4 Created in 1979, Action Contre la Faim is now one of the world's largest international humanitarian organisations fighting against hunger, with an international network with five registered offices (Paris, London, Madrid, New York and Montreal). In 2010 Action Contre la Faim International carried out operations in 45 countries affected by serious food crises, implementing emergency and recovery programmes in the fields of nutrition, food autonomy, water and health, and helping close to 5 million people. For further information: PREAMBLE This manual is intended to provide methodological and practical guidance to ACF field workers on how to implement Participatory Capacity and Vulnerability Assessment (PCVA) so as to design and initiate stand-alone or mainstreamed DRM actions at the community level. Its variety of tools and guiding questions for disaster risk analysis facilitate a participatory process through collaborative learning. It is designed to stimulate dialogue and information sharing between ACF s field workers, community members and local partners. The guiding questions serve to examine the factors of risk and vulnerability at multiple levels so that risk reduction measures and the outcomes of the PCVA are integrated into the development or recovery process of the community. PCVA enables people to enhance their knowledge and understanding of disaster risks, and facilitate action planning for alleviating threats. It focuses on the most vulnerable, those who have less ability to face and recover from disasters. The PCVA is a flexible model that must be tailored to suit the needs of a particular context. However, the process is always the same and should be complied with and aligned with ACF s strategic directions. The PCVA is designed as a multi-sector assessment and is therefore holistic and inclusive by nature. It complements other ACF assessment tools aimed at analysing and reducing disaster risk and sector-related issues all together. It is intended to be used for undertaking in-depth assessments in development, recovery or chronic crisis contexts. 4 PARTICIPATORY CAPACITY & VULNERABILITY ASSESSMENT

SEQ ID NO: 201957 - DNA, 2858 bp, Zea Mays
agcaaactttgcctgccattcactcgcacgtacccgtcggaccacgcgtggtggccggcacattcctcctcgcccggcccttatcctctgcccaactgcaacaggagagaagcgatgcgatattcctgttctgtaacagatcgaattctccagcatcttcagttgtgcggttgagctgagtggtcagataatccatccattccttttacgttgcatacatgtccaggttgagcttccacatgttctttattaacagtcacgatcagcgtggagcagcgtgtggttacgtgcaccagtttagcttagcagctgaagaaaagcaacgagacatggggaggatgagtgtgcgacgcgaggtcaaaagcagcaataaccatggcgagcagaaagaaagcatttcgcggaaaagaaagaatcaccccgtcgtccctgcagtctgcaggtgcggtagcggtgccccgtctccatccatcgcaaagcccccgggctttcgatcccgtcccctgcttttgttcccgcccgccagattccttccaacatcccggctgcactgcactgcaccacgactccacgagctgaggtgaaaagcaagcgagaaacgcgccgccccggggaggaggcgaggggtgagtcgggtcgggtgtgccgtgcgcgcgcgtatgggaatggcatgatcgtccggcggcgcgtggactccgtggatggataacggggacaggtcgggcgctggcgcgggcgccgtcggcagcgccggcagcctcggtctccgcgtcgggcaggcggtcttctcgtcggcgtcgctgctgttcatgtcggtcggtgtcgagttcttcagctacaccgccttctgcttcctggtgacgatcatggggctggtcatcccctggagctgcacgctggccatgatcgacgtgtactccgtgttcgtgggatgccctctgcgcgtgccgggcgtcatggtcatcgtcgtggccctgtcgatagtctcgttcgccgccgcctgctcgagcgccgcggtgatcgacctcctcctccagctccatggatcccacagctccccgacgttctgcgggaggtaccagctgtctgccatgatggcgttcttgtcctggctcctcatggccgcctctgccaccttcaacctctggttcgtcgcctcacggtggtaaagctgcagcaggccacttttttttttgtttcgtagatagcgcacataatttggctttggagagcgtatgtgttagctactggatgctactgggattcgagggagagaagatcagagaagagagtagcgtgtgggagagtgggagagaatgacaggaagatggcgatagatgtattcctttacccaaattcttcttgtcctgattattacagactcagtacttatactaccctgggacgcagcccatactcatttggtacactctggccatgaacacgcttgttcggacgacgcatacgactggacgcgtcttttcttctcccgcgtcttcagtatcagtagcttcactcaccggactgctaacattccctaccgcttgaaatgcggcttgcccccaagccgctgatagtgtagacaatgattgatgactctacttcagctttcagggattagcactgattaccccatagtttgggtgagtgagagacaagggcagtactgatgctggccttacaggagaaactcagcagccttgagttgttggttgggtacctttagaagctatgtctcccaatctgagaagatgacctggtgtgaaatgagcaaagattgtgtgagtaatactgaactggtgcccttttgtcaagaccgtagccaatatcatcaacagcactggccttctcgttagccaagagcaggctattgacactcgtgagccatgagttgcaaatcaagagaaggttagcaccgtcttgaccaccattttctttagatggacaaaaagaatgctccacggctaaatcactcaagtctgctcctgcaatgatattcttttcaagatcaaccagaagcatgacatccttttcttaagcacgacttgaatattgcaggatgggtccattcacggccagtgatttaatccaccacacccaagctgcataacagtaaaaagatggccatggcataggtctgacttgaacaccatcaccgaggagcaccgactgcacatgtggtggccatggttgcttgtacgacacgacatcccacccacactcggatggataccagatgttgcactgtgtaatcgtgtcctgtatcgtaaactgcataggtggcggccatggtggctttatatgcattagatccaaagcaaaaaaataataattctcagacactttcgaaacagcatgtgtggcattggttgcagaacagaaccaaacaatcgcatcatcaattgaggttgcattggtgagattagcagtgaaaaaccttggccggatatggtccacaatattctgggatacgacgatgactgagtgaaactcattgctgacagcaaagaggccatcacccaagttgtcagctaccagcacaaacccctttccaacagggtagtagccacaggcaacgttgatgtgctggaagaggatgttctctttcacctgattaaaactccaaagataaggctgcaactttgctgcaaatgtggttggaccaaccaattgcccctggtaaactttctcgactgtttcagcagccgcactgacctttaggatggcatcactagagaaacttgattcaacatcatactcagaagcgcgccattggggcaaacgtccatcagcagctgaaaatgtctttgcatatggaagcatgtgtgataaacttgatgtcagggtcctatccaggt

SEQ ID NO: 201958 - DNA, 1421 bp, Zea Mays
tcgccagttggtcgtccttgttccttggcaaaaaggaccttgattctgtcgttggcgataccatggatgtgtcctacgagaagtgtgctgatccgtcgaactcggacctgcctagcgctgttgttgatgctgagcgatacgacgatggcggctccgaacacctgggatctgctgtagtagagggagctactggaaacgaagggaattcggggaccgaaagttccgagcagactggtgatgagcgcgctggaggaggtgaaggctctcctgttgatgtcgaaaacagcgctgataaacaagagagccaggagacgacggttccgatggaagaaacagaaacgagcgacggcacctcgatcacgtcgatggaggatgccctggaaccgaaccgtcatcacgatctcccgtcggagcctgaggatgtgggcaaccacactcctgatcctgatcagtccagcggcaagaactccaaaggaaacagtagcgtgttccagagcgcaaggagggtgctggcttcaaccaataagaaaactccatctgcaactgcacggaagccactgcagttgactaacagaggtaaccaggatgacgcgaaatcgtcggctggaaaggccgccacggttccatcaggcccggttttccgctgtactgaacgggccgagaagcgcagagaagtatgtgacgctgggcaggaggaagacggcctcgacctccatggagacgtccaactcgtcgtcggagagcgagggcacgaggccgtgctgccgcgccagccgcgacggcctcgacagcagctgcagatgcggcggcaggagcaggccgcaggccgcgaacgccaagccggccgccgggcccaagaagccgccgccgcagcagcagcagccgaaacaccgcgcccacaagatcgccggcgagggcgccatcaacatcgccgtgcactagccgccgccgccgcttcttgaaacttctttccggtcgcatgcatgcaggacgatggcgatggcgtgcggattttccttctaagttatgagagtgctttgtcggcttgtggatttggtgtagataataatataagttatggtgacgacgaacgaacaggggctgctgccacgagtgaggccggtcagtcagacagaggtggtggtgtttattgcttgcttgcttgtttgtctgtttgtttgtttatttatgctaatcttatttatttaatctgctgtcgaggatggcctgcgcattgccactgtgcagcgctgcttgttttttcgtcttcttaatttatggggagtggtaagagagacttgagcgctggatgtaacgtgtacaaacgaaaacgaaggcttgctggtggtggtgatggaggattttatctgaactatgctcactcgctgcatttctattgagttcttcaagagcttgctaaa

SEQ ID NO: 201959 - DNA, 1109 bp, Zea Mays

5 A TABLE OF CONTENTS INTRODUCTION 7 CHAPTER 1 CONCEPTUAL APPROACH ON DRM How to define disaster risk? What is disaster risk reduction? What is the approach to ACF? How ACF integrates DRM programming? 13 CHAPTER 2 THE PCVA FRAMEWORK: A RISK REDUCTION TOOL What is the PCVA? Why conduct a PCVA? Who does the PCVA target? Who the PCVA involves? When to conduct the PCVA? Where the PCVA fits within the project cycle? What are the PCVA linkages with other ACF sectors? What are the lessons learnt from ACF PCVA experience? 19 CHAPTER 3 THE PCVA PROCESS PHASE 1: HOW BEST TO PREPARE FOR THE PCVA EXERCISE? 21 >>>> Step 1: Define the objectives of the assessment 22 >>>> Step 2: Compose and train the facilitation team 23 >>>> Step 3: Analyse secondary data 24 >>>> Step 4: Select and Meet with the community 26 >>>> Step 5: Select and test the method 28 >>>> Step 6: Plan the field exercise PHASE 2: HOW TO CONDUCT THE PCVA? 30 >>>> Step 7: Identify disaster risks 32 >>>> Step 8: Prioritise disaster risks 40 >>>> Step 9: Analyse disaster risks 43 PARTICIPATORY CAPACITY & VULNERABILITY ASSESSMENT 5

6 3.3. PHASE 3: HOW TO ANALYSE THE PCVA RESULTS? 51 >>>> Step 10: Systematise the data 51 >>>> Step 11: validate the data PHASE 4: HOW TO GENERATE ACTIONS? 55 >>>> Step 12: Decide on the type and the scope of the action 55 >>>> Step 13: Document the analysis 58 >>>> Step 14: Draw up the Community Action Plan 59 >>>> Step 15: Support the Community Action Plan 62 CONCLUSION 66 APPENDICES 67 REFERENCES 67 GLOSSARY 68 ACF DRM INSTITUTIONAL STRATEGY 70 ACF DRM OBJECTIVES AND GROUP OF DRM ACTIVITIES 75 COMMUNITY APPROACHES 77 PCVA IN THE PROJECT CYCLE 78 DRM ACTIVITIES VS SECTORS 79 PCVA PROGRESS PLAN 94 PCVA PREPARATION TOOLS 97 PCVA LEARNING TOOLS 115 PCVA ANALYSIS TOOLS 125 PCVA DECISION-MAKING TOOLS 127 PCVA PLANNING TOOLS PARTICIPATORY CAPACITY & VULNERABILITY ASSESSMENT